Before You File, Consider These Tax Deductions

No matter the month or time of year, it’s never too early to start thinking about tax season, and that’s especially true for business owners. Being proactive when it comes to taxes and tax deductions goes a long way in preventing a mental and financial meltdown. While you’re getting ready for the next Tax Day deadline, see if you and your business qualify for these deductions.

Office Supplies

Paper, paper clips, business postage, mouse pads and pens are just some of the office supplies you can deduct from your taxes. To make the most of this deduction, make sure you hold onto and keep track of your receipts throughout the year.

Home Office

Self-employed individuals who have an office set up at home can get a tax deduction from the IRS. One catch with this particular deduction is that the room has to be devoted to your business and nothing else. If you only use the room as an office during morning hours and as a den during the second half of the day, it’s not considered a tax deduction. What’s great about this deduction is that it covers situations where only part of a room is used solely as a home office. Measure your workspace and divide it by the total square footage of your home to calculate your total home-related business expenses.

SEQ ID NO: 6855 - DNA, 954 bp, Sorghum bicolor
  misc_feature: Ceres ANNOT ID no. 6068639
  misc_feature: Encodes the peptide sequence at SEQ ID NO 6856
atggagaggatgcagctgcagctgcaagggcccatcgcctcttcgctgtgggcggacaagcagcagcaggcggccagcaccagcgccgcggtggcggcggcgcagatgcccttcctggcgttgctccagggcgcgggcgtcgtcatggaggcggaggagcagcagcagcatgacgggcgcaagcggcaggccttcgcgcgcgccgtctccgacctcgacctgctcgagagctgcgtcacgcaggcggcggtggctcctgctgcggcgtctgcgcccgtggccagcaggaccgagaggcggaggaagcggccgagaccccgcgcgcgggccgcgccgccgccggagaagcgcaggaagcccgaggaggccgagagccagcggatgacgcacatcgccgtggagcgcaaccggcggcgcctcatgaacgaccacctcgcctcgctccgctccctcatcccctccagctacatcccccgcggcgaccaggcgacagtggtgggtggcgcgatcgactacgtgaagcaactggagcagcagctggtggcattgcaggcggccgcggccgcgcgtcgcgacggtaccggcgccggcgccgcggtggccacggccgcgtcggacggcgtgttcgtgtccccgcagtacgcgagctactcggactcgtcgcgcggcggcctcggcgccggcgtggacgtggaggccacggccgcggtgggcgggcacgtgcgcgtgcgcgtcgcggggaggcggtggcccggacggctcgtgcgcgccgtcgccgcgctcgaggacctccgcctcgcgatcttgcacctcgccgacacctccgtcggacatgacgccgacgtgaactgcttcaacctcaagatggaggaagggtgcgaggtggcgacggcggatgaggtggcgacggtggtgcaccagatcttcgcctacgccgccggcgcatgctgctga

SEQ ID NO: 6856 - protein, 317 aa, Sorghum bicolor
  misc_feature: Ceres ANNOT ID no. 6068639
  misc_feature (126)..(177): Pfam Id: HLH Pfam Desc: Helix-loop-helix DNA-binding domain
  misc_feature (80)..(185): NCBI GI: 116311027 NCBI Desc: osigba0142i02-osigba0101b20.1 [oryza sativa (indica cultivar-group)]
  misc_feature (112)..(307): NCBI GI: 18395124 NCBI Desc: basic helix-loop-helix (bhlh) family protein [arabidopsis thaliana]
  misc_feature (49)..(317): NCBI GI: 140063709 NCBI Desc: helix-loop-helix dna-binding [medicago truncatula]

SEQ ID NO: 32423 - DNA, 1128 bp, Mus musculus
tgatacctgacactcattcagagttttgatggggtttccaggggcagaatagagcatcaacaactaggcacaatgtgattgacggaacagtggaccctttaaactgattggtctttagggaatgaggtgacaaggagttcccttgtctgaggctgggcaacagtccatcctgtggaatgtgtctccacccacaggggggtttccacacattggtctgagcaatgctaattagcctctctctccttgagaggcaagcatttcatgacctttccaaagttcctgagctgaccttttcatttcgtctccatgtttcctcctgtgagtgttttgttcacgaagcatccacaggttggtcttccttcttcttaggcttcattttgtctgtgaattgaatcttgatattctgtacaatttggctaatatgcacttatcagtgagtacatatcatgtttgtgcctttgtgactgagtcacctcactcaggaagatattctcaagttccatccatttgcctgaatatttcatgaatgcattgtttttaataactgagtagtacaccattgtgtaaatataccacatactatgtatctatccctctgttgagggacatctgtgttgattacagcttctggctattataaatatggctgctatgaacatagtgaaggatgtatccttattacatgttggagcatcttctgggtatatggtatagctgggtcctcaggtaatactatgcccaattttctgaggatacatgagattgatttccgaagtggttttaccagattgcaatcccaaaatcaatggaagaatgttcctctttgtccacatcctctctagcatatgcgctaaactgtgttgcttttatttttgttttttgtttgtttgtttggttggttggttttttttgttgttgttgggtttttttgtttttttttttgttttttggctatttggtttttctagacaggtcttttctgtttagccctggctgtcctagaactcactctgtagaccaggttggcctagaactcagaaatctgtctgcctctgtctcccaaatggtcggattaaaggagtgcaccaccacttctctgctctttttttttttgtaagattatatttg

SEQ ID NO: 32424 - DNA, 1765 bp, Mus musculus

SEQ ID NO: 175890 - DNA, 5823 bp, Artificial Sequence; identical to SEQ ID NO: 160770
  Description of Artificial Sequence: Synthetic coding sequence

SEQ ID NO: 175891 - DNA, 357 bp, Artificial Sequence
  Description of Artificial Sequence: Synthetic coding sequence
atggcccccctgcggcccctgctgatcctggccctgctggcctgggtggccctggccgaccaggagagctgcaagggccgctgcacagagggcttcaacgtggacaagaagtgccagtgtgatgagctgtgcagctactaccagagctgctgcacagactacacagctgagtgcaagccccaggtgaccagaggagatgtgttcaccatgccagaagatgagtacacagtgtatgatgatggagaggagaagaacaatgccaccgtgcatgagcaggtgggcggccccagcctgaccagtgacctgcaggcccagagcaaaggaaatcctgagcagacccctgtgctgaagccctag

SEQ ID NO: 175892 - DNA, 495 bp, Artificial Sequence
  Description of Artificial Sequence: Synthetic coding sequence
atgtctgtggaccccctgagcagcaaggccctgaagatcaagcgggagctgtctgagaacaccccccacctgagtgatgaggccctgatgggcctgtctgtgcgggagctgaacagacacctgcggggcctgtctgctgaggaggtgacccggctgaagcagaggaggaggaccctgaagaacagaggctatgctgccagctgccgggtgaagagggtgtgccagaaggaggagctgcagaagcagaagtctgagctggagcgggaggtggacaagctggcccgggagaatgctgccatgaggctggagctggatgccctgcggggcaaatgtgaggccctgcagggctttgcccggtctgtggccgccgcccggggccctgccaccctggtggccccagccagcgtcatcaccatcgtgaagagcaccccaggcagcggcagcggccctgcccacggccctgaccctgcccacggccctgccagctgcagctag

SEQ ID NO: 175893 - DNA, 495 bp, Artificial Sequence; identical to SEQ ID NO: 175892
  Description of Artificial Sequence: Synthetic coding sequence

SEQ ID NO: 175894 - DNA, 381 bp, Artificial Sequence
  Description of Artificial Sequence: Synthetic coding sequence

Furniture and Equipment

All furniture and equipment used during the course of business are additional tax deductions you can claim. There are two options for this particular deduction: you can either deduct the full cost of your office equipment and furniture the tax year you bought it, or you can spread out the deduction over the course of seven tax years. Should you choose the section option, know that you won’t be able to equally divide the total cost of your furniture and equipment. Instead, you’ll have to make different calculations each year according to a special IRS chart. You’ll likely be better off consulting a tax expert to determine which option is best for you.


Do you have to drive for your business? Entrepreneurs who do can keep some of their money with the help of the IRS. Just like with deducting office equipment and furniture, you also have two options for deducting mileage. You can add up all your miles for the year along with the cost of parking and tolls; or you can subtract the business portion of your total yearly costs for gas, insurance, maintenance and repairs.

Tax deductions can change and vary from year to year, so always make sure you consult an experienced tax accountant who remains up-to-date.

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